a measure of relatedness between two antigenic substances
The Aviator’s Wife is a fictionalized account of the life of Anne Morrow Lindbergh. In the author’s notes at the end of the book, Melanie Benjamin explains that her motivation was to tell Anne’s "entire" story and try to understand the nature of her marriage to Charles Lindbergh. She wanted to make Anne the heroine of her own story, to bring her out from under the shadow of her famous husband so that we, the readers, could appreciate the “truly operatic scale” of her life and marriage.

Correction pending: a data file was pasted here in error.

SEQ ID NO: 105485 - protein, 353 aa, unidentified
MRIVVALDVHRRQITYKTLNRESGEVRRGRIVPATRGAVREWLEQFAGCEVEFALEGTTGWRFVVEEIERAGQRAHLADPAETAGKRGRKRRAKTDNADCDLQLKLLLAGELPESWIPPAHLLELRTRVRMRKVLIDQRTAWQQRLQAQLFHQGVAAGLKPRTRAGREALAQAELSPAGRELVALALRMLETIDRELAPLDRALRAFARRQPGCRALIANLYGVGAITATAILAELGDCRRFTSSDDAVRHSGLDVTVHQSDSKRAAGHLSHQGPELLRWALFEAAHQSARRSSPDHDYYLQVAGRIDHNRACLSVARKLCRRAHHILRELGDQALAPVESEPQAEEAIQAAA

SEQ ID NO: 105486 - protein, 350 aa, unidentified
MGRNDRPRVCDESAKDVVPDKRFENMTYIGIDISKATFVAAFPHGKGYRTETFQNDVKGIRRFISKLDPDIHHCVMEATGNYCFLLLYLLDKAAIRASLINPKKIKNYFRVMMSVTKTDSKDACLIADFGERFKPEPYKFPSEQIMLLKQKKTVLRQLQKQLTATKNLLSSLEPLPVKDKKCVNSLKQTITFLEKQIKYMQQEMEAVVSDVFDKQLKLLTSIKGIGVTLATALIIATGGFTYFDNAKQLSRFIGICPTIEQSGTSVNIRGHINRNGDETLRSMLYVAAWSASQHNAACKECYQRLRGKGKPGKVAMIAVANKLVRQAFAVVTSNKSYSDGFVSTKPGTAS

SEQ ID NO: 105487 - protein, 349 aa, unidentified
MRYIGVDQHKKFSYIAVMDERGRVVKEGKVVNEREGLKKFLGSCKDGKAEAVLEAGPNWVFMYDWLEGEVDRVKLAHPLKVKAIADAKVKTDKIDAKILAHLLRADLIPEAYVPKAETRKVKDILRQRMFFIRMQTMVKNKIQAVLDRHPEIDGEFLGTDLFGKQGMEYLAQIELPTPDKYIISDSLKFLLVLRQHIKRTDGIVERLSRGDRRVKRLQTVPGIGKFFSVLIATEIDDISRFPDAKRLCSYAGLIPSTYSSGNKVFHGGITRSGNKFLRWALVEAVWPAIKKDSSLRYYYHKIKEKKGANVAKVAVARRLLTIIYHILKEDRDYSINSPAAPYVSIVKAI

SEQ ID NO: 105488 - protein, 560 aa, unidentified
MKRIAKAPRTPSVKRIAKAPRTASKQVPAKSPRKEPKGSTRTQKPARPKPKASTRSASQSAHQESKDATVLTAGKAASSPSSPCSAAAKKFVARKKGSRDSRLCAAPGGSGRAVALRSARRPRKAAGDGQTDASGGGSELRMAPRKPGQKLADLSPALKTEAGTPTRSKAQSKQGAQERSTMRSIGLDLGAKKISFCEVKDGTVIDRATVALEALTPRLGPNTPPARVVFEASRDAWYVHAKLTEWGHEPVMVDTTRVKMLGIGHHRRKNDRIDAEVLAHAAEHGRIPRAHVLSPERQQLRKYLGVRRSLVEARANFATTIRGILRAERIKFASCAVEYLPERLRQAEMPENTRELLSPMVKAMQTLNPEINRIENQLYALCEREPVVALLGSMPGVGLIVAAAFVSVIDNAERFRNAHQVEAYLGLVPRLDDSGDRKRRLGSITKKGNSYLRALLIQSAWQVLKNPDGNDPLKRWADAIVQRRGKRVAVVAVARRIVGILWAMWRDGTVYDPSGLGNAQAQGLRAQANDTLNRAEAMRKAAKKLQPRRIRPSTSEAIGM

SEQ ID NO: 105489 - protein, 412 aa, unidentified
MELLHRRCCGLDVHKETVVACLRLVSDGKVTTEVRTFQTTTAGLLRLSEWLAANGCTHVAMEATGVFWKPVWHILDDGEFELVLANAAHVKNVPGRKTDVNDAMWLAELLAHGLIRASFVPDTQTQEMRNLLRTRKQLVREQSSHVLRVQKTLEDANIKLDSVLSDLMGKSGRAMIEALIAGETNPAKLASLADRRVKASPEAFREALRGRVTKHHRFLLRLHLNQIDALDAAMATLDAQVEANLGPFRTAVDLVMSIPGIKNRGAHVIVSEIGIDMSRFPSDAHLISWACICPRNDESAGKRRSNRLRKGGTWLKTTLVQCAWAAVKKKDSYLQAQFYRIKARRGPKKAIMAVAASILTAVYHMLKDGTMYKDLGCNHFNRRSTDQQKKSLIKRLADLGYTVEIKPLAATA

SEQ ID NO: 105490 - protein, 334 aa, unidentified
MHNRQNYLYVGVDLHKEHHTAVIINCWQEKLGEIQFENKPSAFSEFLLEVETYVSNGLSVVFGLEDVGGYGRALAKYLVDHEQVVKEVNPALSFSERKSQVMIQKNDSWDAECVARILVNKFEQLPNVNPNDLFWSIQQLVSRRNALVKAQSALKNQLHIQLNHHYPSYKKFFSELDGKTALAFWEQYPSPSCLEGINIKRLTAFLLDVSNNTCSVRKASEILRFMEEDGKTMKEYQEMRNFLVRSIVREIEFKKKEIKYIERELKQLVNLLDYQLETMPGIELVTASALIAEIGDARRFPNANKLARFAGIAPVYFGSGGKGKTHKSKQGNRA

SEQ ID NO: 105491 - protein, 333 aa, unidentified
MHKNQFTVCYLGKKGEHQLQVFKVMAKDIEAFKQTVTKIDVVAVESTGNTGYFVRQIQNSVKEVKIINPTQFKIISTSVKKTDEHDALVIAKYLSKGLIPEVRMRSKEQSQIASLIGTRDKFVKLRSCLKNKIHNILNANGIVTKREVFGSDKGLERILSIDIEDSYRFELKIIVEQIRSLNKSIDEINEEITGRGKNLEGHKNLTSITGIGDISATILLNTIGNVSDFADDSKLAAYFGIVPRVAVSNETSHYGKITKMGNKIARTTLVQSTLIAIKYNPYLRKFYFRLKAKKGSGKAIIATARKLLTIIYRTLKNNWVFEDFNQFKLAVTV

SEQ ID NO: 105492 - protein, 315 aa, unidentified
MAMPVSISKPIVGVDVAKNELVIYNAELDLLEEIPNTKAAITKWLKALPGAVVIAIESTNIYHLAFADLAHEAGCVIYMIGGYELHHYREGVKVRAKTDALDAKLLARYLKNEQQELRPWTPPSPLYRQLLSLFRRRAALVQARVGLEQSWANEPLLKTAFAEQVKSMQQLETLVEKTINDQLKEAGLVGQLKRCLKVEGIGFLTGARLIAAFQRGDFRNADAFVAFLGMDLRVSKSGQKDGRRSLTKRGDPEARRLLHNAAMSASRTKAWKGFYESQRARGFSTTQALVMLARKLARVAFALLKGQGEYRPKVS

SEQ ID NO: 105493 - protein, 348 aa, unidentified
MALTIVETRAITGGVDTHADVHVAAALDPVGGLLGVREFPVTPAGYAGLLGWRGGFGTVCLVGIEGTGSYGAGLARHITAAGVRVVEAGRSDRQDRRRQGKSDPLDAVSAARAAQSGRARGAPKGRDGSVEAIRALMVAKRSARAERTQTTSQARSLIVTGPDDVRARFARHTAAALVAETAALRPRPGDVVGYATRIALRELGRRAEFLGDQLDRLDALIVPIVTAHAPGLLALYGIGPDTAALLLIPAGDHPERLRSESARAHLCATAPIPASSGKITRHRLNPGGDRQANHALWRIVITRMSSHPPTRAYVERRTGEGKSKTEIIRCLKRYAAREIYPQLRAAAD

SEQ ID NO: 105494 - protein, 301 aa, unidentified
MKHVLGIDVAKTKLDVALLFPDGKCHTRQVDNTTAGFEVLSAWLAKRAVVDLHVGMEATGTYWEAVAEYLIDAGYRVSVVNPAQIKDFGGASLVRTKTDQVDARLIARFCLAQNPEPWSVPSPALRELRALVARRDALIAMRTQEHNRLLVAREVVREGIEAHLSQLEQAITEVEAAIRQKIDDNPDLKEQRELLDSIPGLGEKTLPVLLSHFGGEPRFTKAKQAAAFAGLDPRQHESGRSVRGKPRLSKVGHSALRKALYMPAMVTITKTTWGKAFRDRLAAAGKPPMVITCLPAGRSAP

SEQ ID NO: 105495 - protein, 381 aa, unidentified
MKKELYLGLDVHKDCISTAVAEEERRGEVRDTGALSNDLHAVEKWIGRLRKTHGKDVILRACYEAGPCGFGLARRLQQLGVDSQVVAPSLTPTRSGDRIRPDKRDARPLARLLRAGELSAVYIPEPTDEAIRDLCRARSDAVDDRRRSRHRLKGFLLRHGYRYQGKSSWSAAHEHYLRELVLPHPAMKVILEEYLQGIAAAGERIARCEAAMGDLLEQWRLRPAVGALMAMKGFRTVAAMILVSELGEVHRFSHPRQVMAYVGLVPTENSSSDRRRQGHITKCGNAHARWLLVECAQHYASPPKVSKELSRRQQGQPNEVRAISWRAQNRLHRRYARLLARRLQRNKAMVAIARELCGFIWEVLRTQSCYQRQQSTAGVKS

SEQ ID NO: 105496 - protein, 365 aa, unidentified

It's difficult for me to judge how much creative license the author may have used; I know very little about the Lindbergh’s. My overall impression, however, is that Benjamin’s interpretation is not totally convincing. I don’t feel that she succeeded in conveying Anne’s thoughts and motivations in a way that adequately explained her behavior. I think all the pieces are there, but not pulled together in a complete characterization. It was also disappointing that the Anne of this story remained overshadowed to the end because she continued to believe that Charles Lindbergh was a man above all others.